2. The Empirical Balance–Efficiency Tradeoff

Although the propensity score’s use in inducing empirical balance between treatment groups has intuitive appeal, classical estimators relying solely on this property for a specific parametric model, as traditionally formulated, generally fail to achieve asymptotic efficiency, even when the parametric model for the propensity score is correctly specified. In fact, it has been established that neither the IPW estimator nor the propensity score stratification-based estimator (proposed by Rosenbaum and Rubin (1983)) are generally asymptotically efficient. Drawing upon semiparametric efficiency theory, we note that the efficient influence function (EIF) arises as a central object, uniquely represented as the canonical gradient of the pathwise derivative of the target parameter (τ0) at a distribution P in the model M (see, e.g., Bickel et al., 1993; van der Vaart, 2000; van der Laan and Robins, 2003; Tsiatis, 2007; Kennedy, 2016; Hines et al., 2022). The EIF’s importance comes from the fact that it characterizes the best possible asymptotic variance, or nonparametric efficiency bound, among all regular asymptotically linear estimators of a target parameter. For this [End Page 25] reason, the EIF is commonly used as a critical ingredient in strategies for the construction of efficient estimators. For example, efficient estimation frameworks popular in modern practice—such as one-step estimation (Pfanzagl and Wefelmeyer, 1982; Bickel et al., 1993), estimating equations (van der Laan and Robins, 2003; Bang and Robins, 2005), and targeted minimum loss estimation (van der Laan and Rubin, 2006; van der Laan and Rose, 2011)—construct estimators by unique updating procedures that each reference the form of the EIF in different ways, resulting in candidate estimators with desirable asymptotic behavior. Under standard regularity conditions, an estimator τn of the target parameter τ0 is asymptotically linear when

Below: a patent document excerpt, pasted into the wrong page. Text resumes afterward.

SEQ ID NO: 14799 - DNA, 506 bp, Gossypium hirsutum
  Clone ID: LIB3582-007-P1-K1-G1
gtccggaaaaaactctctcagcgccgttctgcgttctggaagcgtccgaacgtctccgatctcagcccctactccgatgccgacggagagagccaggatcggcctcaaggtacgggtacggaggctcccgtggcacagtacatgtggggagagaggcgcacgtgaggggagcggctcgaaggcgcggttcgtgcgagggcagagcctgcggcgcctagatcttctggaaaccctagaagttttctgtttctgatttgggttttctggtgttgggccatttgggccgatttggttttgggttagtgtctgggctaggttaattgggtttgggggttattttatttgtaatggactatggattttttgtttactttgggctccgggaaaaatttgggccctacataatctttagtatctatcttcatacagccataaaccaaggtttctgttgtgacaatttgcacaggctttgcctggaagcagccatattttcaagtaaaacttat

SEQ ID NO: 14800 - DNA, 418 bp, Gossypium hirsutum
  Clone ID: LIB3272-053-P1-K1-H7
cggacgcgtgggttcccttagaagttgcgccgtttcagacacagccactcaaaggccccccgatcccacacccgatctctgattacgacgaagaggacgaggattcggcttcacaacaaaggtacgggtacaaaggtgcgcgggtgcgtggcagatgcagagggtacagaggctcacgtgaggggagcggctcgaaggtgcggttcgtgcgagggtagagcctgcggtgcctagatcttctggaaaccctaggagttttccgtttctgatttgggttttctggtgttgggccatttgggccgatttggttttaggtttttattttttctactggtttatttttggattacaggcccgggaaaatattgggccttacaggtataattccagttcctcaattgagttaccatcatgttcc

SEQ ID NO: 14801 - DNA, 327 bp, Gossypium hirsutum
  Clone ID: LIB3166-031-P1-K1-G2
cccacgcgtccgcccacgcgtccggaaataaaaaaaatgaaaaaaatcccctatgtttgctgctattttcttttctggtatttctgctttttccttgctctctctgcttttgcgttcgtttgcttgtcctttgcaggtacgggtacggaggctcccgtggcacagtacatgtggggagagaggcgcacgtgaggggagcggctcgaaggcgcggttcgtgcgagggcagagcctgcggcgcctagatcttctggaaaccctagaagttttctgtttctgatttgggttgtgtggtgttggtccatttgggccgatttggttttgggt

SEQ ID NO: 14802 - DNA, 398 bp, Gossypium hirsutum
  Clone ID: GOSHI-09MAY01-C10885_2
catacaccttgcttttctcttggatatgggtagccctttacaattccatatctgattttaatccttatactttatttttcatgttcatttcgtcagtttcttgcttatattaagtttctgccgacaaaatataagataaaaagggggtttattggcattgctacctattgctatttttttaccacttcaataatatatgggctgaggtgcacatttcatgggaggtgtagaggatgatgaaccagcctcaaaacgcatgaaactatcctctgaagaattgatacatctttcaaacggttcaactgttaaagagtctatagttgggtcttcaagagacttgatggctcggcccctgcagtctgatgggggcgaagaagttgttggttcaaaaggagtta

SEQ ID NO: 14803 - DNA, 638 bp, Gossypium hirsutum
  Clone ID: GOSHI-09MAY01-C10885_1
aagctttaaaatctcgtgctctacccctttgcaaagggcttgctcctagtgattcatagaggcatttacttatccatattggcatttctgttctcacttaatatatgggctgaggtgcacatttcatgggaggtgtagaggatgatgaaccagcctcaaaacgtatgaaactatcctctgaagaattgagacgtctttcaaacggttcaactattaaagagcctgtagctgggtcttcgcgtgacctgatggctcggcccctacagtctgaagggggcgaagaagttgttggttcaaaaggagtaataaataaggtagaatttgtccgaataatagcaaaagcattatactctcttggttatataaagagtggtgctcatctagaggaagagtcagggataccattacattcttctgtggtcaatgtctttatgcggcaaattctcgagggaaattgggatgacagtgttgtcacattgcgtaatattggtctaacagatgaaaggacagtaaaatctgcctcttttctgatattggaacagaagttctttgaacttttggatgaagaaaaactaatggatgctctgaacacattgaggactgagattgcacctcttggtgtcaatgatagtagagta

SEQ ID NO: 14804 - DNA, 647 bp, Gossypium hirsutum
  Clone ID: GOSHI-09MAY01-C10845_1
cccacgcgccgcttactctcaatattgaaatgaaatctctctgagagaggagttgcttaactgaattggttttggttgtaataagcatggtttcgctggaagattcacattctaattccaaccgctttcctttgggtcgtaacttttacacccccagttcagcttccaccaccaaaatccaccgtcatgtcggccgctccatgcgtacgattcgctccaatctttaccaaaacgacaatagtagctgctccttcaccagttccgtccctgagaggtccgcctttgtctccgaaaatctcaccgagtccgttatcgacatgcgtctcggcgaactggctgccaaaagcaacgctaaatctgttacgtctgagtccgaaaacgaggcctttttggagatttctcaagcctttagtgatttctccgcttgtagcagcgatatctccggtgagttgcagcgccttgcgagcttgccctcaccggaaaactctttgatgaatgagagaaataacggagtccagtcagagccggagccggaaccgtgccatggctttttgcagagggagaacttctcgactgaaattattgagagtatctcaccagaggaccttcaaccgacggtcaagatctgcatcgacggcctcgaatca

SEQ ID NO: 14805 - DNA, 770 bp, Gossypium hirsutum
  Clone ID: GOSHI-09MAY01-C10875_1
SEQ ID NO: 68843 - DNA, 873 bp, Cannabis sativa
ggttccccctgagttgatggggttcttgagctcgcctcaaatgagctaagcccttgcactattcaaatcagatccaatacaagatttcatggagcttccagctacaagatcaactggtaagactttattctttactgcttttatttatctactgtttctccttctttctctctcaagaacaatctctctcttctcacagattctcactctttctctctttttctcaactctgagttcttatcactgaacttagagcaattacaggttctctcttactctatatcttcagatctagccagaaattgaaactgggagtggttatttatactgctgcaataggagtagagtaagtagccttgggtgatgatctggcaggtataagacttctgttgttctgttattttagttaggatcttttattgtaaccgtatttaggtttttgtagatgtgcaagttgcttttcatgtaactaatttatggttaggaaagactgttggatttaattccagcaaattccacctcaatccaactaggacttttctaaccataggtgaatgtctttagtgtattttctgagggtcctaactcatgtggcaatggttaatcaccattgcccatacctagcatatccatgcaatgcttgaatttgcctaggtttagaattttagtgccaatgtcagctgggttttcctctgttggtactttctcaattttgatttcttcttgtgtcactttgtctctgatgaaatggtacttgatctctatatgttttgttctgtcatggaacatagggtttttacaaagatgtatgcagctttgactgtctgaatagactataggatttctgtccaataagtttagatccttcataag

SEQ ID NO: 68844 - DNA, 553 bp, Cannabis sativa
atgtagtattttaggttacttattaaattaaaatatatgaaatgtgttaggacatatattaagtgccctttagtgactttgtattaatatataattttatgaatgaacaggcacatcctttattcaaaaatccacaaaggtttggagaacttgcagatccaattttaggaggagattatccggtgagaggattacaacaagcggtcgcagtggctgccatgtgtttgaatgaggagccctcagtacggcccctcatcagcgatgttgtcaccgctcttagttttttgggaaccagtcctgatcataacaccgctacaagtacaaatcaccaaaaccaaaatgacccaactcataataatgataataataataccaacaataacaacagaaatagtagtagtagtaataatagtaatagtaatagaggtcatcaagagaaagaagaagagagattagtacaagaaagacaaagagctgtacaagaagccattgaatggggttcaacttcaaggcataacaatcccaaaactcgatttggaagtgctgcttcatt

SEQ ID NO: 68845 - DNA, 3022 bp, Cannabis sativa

inline graphic

where D(P0) is the EIF at the true data-generating distribution P0. An asymptotically linear estimator τn is generally (asymptotically) efficient when it solves the EIF estimating equation, i.e., PnD(P0) 0, in which case τn has limit distribution N(τ0, P {D(P0)}2 ) with asymptotic variance matching that of the EIF D(P0). As such, representations of the EIF play a key role in constructing efficient estimators.

2.1 Score Equations Characterize Asymptotic Efficiency

In causal inference problems, the EIF is indexed by at least two nuisance quantities, among which the propensity score invariably appears. It is in this way that e0(X) plays a key role in the construction of efficient estimators. Going forward, to simplify notational burden, we focus on a single component of the ATE, the counterfactual mean of the response under treatment Z = 1, i.e., τ0 := inline graphic0R(1). The EIF D(P ) of τ0 at the data-generating distribution P0 ∈ℳ may be expressed